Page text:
Internet speed test proponents seek more participation

More data needed to push back against FCC, providers

Washington County residents within the 22 townships have the opportunity this month to fact-check corporate internet service providers and the FCC, by taking an internet speed test, or reporting lack of internet service. (Graphic by Janelle Patterson)

Three out of Washington County’s 22 townships have met statistic validity in an ongoing data collection effort to determine internet access.

“I have sufficient data to do an analysis today, but this is not sufficient to convince the FCC,” explained Glenn Fishbine, of GEO Partners LLC, the geospatial engineering firm partnering with the nonprofit Southeast Ohio Broadband Cooperative to conduct the study through Oct. 23.

To fact-check internet service providers’ reporting to the U.S. Federal Communications Commission in what those providers say they supply in terms of internet speeds and access in Washington County, the cooperative and the firm are going straight to the source.

Residents at home are asked to take the internet speed test on their home computer at www.seobc.us

If residents at home do not have internet, they’re asked to call:740-538-0084 and leave a message with the following information:

¯ Identify your address.

¯ Say that you do not have internet access.

¯ Optional: Share your name if you would like to be contacted with more information about the cooperative.


Public school district superintendents are dispatching robocalls, sending emails and talking with teachers about making the internet speed test a required assignment.

Beth Brown, superintendent for Frontier Local Schools, confirmed Tuesday that she would add the study phone number to her next communication with district families asking them to participate.

Her work on a district-wide email and robocall has already seen a response of 171 households within the rural school district, but another 154 are needed to accurately represent Frontier.

“I want to help them,” said David Brown, a founding member of the cooperative. “If you walk off school property you lose signal, but there’s fiber already running to the schools and it wouldn’t be super expensive to build off of that.”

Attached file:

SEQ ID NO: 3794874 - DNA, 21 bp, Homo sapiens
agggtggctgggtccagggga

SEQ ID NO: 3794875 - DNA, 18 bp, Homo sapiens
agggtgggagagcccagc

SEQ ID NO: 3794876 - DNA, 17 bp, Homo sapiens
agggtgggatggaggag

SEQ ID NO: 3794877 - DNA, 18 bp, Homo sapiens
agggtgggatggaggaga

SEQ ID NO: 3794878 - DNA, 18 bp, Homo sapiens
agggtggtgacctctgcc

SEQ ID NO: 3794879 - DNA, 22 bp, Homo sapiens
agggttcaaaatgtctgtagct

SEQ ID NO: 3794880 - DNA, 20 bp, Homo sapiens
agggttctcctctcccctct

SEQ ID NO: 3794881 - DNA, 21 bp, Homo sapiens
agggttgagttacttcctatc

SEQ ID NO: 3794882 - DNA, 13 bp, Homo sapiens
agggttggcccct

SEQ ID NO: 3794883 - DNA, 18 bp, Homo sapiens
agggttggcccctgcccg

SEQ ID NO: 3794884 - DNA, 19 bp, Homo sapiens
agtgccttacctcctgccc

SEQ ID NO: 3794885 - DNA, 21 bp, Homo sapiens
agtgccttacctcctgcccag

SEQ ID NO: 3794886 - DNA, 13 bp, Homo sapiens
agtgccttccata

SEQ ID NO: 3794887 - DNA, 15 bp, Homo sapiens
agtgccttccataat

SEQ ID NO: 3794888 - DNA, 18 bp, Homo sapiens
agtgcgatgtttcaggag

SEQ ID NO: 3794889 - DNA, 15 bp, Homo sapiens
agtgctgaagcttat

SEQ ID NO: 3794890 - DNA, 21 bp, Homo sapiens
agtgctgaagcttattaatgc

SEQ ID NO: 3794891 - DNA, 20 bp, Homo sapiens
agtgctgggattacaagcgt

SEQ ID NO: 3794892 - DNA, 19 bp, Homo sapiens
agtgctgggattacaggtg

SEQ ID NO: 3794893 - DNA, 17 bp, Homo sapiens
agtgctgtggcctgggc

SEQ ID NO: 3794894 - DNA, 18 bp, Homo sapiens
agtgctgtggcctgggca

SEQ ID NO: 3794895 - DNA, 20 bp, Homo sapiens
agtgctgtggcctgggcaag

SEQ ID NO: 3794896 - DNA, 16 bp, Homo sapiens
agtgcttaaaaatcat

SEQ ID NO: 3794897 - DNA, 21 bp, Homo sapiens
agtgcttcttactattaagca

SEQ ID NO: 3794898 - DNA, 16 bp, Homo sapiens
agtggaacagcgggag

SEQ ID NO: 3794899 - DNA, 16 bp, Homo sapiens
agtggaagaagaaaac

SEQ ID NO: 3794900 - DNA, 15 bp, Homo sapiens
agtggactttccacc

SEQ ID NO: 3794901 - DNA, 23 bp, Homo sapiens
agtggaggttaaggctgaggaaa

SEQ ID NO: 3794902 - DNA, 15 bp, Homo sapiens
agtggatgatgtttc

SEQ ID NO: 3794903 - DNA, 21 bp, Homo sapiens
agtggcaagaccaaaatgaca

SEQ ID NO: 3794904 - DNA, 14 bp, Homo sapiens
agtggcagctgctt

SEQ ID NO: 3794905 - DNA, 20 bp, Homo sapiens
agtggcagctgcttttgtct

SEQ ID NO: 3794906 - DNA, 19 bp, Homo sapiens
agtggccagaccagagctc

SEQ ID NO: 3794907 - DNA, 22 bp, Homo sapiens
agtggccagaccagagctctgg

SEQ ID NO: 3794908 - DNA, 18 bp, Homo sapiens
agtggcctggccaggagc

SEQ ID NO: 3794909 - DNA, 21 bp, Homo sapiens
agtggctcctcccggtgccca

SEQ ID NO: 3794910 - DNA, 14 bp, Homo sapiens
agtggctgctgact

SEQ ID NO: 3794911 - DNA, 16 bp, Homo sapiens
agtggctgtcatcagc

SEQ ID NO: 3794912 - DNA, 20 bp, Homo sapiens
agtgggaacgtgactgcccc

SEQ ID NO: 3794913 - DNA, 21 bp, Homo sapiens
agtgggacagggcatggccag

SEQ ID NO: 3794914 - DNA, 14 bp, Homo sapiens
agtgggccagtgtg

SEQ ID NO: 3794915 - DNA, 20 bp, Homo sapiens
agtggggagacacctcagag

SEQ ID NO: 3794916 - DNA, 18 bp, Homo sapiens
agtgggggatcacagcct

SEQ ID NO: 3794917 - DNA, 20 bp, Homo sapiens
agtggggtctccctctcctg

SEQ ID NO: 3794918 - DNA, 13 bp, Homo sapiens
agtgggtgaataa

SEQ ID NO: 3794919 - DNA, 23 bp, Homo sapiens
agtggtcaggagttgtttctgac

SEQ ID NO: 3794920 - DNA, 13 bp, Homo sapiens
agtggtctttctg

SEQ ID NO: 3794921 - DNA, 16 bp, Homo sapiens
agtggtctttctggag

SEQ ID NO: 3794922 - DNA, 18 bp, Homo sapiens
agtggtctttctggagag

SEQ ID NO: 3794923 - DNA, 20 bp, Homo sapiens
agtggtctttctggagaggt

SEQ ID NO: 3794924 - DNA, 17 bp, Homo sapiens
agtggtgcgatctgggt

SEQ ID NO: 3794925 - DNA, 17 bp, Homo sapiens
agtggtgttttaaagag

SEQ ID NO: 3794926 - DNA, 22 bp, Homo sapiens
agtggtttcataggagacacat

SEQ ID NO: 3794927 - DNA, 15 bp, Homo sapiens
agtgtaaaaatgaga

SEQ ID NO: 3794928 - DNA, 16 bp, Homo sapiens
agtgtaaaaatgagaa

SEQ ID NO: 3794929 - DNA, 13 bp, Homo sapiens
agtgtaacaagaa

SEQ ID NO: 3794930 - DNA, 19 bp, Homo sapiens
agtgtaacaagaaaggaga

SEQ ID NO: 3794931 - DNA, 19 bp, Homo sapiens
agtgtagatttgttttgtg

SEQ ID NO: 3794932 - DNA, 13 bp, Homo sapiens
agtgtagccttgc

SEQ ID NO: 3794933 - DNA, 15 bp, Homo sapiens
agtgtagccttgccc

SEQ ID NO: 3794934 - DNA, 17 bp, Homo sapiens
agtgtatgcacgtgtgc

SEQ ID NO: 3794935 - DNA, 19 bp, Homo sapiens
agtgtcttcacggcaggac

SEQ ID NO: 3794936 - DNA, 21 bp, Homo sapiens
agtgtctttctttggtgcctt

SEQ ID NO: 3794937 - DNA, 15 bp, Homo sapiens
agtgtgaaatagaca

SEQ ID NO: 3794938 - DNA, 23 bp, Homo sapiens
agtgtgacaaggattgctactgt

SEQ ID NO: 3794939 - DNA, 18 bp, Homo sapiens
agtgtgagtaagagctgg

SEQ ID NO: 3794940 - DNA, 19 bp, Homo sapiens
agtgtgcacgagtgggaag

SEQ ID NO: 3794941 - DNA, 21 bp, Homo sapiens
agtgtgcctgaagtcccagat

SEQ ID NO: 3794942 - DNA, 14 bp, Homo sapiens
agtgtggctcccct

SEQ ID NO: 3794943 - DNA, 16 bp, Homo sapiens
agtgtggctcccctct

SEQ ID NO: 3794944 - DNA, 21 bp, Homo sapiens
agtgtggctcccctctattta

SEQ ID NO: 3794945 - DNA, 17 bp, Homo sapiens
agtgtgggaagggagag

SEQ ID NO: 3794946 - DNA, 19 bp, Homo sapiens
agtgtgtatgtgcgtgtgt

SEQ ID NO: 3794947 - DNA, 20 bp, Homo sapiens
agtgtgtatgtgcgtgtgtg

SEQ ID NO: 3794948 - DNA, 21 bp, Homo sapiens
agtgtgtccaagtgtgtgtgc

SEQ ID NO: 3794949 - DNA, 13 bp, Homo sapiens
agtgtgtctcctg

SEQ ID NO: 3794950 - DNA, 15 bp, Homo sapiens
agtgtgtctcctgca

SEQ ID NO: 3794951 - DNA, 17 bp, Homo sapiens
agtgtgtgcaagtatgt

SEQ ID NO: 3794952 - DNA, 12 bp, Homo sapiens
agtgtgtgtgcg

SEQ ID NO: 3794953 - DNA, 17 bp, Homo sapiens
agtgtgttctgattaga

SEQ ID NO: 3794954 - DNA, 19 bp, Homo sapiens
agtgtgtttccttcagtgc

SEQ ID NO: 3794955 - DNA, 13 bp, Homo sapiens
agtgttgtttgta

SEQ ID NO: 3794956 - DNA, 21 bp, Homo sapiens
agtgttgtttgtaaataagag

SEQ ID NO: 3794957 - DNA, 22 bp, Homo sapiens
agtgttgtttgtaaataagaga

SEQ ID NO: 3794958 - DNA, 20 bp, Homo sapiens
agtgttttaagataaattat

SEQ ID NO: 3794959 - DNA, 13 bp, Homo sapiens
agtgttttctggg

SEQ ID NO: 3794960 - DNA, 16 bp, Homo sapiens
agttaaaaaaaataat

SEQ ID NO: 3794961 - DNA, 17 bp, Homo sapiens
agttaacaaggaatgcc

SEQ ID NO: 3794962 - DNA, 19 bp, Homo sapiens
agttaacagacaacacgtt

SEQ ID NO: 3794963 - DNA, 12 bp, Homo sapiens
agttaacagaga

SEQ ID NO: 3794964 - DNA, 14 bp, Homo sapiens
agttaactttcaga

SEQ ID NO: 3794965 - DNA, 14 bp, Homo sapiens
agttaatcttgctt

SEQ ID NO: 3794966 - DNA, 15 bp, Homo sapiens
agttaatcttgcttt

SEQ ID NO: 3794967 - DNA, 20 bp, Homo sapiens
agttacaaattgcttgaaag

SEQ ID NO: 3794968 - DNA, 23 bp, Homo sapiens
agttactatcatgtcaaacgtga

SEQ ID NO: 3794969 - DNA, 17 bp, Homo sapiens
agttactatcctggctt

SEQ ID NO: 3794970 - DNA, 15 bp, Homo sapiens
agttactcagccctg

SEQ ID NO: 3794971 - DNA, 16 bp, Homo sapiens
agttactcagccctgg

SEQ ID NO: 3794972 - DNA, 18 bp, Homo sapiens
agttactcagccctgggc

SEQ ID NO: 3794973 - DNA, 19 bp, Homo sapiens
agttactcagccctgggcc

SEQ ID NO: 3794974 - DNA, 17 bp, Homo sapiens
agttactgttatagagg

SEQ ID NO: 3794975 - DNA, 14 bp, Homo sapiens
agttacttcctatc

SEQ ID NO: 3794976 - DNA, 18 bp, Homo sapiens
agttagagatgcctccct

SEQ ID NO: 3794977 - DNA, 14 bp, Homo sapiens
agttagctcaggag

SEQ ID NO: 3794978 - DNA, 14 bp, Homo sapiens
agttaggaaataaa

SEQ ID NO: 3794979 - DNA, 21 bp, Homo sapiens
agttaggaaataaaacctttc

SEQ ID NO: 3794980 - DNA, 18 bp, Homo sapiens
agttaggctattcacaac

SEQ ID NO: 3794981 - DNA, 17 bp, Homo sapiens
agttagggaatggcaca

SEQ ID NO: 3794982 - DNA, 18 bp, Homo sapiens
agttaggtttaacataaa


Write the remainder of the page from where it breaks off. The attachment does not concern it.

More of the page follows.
Fishbine said residents who have participated since the launch of the speed test at the onset of October have not only demonstrated need, but also set examples.

“This week we got the most significant data dump I have ever seen and that came from one of your fire departments,” he said. “They were able to supply about 400 locations, with real addresses where internet service doesn’t exist.”

Now, Adams, Marietta and Muskingum townships are considered statistically valid (adequately representative of the whole number of households within their boundaries).

But is your township, or school district represented accurately?


According to Fishbine, the smaller the township population, the greater need for participation to be accurately represented.

“There are less homes to pull from so greater a chance of error if people don’t participate,” he explained.

¯ Aurelius Township needs another 58 households to participate to be statistically valid.

¯ Barlow Township needs another 27.

¯ Belpre Township needs another 291.

¯ Decatur Township needs another 45.

¯ Dunham Township needs another 256.

¯ Fairfield Township needs another 186.

¯ Fearing Township needs another 35.

¯ Grandview Township needs another 45.

¯ Independence Township needs another 43.

¯ Lawrence Township needs another 29.

¯ Liberty Township needs another 56.

¯ Ludlow Township needs another 53.

¯ Newport Township needs another 32.

¯ Palmer Township needs another 131.

¯ Salem Township needs another 143.

¯ Warren Township needs another 246.

¯ Waterford Township needs another 220.

¯ Watertown Township needs another 179.

¯ Wesley Township needs another 43.

So it’s up to residents and leaders within those townships to lead the next outreach charge into the less-populated townships to ensure accurate representation this month.

Lowell Fire Chief Josh Harris utilized his access to the 911 database to document homes within Adams Township where service does not exist.

“Every year we send a postcard to every home in our township, so we have those addresses even if we haven’t been there for a fire,” said Harris. “And as a fire chief I know a bunch of these roads and know where they don’t have internet.”

So utilizing that set-up, afforded by work from the county 911 coordinator Rich Hayes and Washington County Sheriff’s Maj. Troy Hawkins, Harris was able to provide the cooperative with what now appears as a cluster of black dots on the public data map.

“If we could get a couple more fire chiefs to follow that model, that would be very helpful,” said David Brown.

Other leaders may include township trustees, congregation officiants and members of the faith community, volunteer firefighters and civic organizations/clubs.

“Then after we get as much feedback from the calls, the emails and the speed tests, we can begin targeting specific areas where we’re missing data.,” David Brown said.

How can you help?

1. Take the speed test at home by your computer or tablet.

2. If you don’t have internet at home, call.

3. Ask a neighbor or family member to take the test or help them take it.


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